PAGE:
Found Poetry

In one of my most favorite classes I have ever taken, Environmental Literature, my teacher introduced me to the idea of “Found Poetry.” The idea of Found Poetry is to take quotes and phrases from a piece of prose and turn it into a poem. So, I wrote a poem found in A Discourse on Inequality that aligns on some fronts with Rousseau’s ideology and romantic nature. It reflects my favorite part of A Discourse on Inequality that I wish Rousseau had elaborated more on…


Rousseau – A Discourse on Inequality:

Found Poetry


Nature- Value Self


Our ills are of our own making,

Strengthen the power which Subdues –

sociable and a slave, he grows feeble.

His imagination paints no pictures;

his heart yearns for nothing.

Makes man in the end a tyrant over Himself –

man will not be born a man. Neither

foresight nor curiosity,

They speak of savage man,

they depict civilized man –

wear chains for the sake of imposing chains.

Once a people is accustomed

to Masters, it is no longer in a condition

to do without – not obliged to make

a Man a philosopher before we can make him

a Man.

But let us return to their foundation –

in Nature which Never lies.

Understanding owes much to the passions.

If we do not first have knowledge

of men themselves,

render ourselves incapable of knowing

Him. I would

have sought as my own country,

less fortunate or wise too late:

happy and peaceful commonwealth

of which the history was lost so to speak,

in the darkness of time. I would

have wished to Live and die free, that is to say,

subject to Law in such a way.

Such, Magnificent and Most Honoured Lords,

are the citizens – make your happiness endure

by the wisdom of using it well.

Wish not to live in a republic

newly founded, more dangerous

than the actions they report – exhibit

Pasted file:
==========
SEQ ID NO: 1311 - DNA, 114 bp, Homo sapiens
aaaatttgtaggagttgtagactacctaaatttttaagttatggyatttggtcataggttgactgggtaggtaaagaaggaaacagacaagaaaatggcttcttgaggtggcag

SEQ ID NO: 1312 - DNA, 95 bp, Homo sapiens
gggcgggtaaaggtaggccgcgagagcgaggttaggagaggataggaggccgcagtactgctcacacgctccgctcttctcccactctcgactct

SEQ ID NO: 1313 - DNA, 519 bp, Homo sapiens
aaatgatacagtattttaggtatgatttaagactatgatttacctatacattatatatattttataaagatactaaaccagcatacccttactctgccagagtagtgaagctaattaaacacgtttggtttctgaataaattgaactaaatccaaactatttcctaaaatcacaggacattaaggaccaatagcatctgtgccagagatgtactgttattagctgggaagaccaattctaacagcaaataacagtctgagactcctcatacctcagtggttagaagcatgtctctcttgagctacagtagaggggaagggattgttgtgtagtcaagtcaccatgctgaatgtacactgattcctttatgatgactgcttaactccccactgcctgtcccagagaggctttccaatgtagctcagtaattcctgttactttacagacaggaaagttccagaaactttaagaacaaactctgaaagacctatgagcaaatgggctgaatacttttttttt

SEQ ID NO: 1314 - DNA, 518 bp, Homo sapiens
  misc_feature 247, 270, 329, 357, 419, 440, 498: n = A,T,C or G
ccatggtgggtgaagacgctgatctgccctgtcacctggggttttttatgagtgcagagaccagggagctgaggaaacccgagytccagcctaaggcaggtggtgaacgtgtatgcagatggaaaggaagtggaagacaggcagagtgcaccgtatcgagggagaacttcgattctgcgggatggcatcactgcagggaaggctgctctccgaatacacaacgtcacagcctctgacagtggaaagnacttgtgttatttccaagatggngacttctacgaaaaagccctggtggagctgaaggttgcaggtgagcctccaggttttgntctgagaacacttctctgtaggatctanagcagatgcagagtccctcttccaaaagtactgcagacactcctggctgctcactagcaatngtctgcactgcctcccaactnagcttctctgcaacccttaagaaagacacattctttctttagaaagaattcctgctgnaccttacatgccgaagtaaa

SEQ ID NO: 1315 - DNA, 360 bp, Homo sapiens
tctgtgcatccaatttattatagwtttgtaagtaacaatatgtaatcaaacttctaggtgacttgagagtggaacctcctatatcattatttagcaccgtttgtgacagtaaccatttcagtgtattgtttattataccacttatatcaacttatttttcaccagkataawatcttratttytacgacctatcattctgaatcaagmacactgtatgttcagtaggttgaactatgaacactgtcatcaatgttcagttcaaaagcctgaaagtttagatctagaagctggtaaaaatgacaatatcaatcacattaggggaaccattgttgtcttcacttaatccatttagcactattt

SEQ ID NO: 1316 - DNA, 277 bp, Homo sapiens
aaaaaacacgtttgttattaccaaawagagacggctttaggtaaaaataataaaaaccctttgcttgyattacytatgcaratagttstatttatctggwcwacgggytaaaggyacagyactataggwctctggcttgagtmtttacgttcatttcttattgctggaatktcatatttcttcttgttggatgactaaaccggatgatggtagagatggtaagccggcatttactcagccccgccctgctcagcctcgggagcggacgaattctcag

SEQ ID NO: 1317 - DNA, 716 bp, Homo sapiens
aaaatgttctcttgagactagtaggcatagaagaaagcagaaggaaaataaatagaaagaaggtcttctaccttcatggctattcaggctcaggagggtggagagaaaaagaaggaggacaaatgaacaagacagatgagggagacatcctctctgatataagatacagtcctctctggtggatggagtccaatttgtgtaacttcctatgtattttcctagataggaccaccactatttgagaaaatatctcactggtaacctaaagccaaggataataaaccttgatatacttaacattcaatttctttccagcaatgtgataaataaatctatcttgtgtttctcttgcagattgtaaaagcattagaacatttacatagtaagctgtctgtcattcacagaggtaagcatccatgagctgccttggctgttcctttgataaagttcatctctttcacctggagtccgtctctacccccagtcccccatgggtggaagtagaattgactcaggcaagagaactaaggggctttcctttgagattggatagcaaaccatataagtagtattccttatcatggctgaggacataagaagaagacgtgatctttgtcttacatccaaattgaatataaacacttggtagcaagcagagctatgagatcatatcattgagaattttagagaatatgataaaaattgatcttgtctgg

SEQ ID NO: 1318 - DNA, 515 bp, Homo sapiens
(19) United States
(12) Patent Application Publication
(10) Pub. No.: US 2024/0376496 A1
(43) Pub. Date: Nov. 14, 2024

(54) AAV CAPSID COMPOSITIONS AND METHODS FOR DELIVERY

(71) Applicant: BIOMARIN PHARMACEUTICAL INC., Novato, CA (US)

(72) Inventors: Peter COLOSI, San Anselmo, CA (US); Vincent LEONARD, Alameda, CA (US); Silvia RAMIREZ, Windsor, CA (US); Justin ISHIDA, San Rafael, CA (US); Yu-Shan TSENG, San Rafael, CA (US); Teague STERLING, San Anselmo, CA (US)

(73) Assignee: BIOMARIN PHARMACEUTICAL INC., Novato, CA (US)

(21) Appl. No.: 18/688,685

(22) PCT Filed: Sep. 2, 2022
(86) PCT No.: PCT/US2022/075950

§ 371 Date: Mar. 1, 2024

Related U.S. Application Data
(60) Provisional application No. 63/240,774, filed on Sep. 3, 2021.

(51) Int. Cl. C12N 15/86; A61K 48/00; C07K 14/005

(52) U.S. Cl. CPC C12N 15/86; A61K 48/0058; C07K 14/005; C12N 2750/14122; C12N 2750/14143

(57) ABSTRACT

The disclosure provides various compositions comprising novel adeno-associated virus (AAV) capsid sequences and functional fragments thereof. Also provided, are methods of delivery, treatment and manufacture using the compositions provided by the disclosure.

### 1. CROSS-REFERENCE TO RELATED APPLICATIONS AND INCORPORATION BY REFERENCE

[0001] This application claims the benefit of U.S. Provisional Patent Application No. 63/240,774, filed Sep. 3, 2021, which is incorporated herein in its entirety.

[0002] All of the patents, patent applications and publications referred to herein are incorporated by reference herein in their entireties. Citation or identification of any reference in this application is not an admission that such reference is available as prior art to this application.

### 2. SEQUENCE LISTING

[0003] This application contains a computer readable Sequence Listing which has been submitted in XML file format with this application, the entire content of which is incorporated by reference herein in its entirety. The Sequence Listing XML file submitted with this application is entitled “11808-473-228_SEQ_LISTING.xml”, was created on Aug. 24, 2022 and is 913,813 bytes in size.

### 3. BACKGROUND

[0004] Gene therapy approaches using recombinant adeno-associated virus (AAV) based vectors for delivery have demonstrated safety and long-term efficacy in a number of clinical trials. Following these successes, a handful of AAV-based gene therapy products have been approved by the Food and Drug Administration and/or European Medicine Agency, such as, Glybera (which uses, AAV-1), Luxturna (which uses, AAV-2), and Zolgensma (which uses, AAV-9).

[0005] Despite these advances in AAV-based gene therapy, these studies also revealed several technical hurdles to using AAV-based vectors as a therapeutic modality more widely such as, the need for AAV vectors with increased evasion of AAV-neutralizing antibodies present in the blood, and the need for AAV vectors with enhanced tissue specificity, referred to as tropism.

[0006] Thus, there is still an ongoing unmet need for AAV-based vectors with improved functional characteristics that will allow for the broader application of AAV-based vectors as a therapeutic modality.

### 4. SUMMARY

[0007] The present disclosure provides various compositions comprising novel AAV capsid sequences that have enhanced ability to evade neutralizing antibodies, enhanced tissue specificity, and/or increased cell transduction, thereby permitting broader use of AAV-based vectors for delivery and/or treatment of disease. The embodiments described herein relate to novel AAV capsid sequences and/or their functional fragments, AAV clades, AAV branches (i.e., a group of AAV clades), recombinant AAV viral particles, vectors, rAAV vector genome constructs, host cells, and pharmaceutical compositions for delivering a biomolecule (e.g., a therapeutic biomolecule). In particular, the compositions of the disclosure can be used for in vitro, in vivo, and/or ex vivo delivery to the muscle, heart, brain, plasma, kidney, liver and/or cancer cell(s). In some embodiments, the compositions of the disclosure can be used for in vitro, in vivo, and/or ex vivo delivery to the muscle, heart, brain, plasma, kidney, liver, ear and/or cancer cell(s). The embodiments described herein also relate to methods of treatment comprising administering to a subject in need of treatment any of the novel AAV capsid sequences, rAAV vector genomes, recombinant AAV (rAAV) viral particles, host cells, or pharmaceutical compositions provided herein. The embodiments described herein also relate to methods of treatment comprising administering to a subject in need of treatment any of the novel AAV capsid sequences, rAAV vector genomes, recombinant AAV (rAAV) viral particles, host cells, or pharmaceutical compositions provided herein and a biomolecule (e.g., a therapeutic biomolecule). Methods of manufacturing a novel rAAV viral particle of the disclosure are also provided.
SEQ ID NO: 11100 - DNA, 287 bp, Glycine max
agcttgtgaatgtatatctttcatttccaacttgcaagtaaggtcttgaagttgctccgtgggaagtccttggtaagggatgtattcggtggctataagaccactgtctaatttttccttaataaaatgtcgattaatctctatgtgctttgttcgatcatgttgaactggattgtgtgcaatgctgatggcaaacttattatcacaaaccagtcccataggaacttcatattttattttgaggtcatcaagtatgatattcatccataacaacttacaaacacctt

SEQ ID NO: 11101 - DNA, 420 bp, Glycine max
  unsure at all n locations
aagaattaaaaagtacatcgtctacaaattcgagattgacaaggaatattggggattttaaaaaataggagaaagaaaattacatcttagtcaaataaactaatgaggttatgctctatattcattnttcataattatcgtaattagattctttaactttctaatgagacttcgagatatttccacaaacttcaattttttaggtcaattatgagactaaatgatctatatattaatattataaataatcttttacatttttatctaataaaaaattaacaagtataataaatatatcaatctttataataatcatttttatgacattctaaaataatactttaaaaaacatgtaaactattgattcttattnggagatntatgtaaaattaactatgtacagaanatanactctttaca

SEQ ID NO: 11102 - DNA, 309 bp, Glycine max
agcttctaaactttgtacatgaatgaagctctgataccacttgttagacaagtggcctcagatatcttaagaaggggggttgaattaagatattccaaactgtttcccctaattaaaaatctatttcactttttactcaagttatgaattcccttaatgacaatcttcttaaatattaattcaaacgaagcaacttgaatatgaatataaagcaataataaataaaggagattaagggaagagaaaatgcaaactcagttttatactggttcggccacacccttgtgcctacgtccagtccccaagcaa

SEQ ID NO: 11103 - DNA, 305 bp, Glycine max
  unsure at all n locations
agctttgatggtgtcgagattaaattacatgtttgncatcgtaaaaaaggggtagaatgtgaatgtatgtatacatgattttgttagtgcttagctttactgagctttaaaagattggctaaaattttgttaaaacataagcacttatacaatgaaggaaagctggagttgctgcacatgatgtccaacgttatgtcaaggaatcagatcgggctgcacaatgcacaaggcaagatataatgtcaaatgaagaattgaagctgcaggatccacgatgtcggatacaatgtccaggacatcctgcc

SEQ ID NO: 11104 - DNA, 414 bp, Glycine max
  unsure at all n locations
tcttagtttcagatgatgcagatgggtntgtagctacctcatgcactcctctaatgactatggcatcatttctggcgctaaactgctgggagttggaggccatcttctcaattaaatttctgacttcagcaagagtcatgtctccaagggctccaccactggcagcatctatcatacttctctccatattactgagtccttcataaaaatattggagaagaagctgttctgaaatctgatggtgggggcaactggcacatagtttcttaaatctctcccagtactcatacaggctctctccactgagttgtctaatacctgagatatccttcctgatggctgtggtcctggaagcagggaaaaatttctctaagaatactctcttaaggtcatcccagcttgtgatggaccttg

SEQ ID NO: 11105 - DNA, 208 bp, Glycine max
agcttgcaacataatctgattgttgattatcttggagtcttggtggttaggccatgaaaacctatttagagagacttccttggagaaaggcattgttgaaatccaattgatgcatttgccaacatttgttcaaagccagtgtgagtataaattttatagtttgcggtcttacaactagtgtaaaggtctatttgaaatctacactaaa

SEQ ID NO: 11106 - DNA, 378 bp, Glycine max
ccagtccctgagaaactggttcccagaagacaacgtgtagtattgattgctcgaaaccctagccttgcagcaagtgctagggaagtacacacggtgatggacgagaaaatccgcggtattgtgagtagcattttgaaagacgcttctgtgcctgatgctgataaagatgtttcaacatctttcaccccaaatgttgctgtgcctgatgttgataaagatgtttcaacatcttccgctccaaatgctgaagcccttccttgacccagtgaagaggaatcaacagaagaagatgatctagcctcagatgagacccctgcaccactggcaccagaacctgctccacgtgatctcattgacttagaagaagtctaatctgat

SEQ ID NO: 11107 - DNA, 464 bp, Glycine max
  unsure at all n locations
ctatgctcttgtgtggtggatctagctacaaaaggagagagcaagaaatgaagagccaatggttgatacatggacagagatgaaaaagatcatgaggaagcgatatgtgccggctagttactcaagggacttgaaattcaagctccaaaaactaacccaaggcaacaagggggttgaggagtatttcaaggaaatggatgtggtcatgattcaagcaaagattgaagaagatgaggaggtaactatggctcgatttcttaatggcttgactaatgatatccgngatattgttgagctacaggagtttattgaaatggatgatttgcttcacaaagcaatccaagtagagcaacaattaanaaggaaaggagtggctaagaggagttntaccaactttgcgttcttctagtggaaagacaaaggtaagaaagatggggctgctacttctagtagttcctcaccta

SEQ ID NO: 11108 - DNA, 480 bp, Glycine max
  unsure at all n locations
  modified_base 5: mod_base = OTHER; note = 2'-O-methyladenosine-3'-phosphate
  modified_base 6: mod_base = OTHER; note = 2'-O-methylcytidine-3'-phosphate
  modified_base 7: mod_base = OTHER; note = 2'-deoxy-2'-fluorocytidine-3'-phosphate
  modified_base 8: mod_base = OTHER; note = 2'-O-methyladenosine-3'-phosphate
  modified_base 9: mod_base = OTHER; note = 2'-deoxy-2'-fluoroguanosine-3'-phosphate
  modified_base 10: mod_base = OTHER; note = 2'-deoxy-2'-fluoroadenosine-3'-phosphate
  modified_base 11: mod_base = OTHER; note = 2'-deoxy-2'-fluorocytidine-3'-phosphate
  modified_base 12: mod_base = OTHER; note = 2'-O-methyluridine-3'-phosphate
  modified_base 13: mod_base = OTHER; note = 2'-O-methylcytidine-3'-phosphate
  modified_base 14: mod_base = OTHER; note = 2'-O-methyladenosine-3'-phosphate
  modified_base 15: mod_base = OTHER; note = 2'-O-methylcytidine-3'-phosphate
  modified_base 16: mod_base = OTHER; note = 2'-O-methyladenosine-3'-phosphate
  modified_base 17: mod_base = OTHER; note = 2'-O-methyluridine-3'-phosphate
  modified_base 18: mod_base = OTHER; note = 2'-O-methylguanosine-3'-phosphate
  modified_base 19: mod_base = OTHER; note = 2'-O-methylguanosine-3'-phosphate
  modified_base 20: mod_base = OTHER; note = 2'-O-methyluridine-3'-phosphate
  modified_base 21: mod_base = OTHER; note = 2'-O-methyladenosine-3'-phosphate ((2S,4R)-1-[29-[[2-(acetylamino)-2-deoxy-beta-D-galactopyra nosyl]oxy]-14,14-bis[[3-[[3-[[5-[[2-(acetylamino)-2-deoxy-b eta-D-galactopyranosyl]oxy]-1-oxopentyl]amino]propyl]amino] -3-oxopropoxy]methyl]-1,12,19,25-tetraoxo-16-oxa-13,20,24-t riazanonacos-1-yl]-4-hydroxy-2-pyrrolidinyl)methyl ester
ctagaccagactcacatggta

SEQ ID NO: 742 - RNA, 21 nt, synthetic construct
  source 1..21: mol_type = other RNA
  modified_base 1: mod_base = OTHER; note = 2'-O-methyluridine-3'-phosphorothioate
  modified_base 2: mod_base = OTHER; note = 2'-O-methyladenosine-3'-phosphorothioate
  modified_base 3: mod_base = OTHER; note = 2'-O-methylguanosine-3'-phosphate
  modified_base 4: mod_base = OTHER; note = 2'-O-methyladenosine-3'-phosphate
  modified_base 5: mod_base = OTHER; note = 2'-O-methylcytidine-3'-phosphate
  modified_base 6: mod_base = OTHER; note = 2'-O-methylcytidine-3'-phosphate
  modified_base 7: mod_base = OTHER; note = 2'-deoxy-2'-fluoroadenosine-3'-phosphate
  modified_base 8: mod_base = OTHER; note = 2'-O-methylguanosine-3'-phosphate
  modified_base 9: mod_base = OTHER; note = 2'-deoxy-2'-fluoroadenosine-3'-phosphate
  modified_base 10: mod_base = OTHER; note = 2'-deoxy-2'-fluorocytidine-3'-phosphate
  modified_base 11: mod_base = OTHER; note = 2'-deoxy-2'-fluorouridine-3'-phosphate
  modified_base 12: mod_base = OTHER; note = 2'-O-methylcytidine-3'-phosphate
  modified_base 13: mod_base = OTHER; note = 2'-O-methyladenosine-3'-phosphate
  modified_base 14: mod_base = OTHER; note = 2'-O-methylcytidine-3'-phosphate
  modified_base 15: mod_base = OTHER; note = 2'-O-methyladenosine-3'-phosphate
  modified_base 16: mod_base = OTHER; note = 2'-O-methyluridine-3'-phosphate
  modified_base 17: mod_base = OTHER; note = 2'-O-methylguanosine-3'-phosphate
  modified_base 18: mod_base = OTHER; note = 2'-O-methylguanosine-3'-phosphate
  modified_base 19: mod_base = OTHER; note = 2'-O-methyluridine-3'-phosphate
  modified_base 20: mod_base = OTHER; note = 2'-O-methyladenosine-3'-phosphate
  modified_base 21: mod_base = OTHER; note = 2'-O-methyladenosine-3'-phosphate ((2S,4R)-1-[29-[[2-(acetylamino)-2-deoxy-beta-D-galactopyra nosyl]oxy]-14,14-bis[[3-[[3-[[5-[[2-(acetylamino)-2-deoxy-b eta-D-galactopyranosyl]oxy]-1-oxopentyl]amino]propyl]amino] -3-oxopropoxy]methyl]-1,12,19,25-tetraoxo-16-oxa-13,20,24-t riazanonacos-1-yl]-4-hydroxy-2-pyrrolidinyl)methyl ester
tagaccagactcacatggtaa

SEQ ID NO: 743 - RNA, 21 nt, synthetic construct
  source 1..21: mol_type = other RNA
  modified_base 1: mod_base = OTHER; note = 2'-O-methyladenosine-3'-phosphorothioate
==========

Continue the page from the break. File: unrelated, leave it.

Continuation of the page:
some love for the earthly city. What is more, this precious liberty

separate the original from that which is artificiality.

The activity of self-love contributes,

to the mutual preservation of the whole species.

It will be easy for others

to go down further the same path

– only after clearing away sand and dust,

where love is never seasonal,

for there is in freedom:

clash of passion, cry of nature.

Where there is no love, what would be the use of

beauty? Presages and guarantees

or a sincere and permanent reconciliation. No

Greater Felicity for Himself

than that of seeing You all happy.


-Jordan Fitzgerald



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3 Responses to Found Poetry

  1. kathleen gigliuk

    Interesting concept. I had never heard of Found Poetry before and personnally think its an exteremly intersting and quick way to sum up the ideas encapulated in a novel. As I have previously vocalized, I am a fan of summaries as I find long winded texts, especially Greek philosphy, only mildly bearable.
    I would love to know where (or from who) you first discovered (or were told of) Found Poerty.

  2. zoha janjua

    I like the idea of Found Poetry. I find poetry comparatively easier to read than long narratives. Personally I think that it is easier to comprehend the hidden meaning in poetry than in narrative texts.

  3. Jovolynn Gragasin

    I enjoyed this poem very much. I’ve never heard of this type of poem before. It’s very intriguing! I think that this is an excellent way to summarize things considering I for one, dislike reading long texts… Especially if it’s Greek philosophy. It’s difficult for me to grasp all the concepts.

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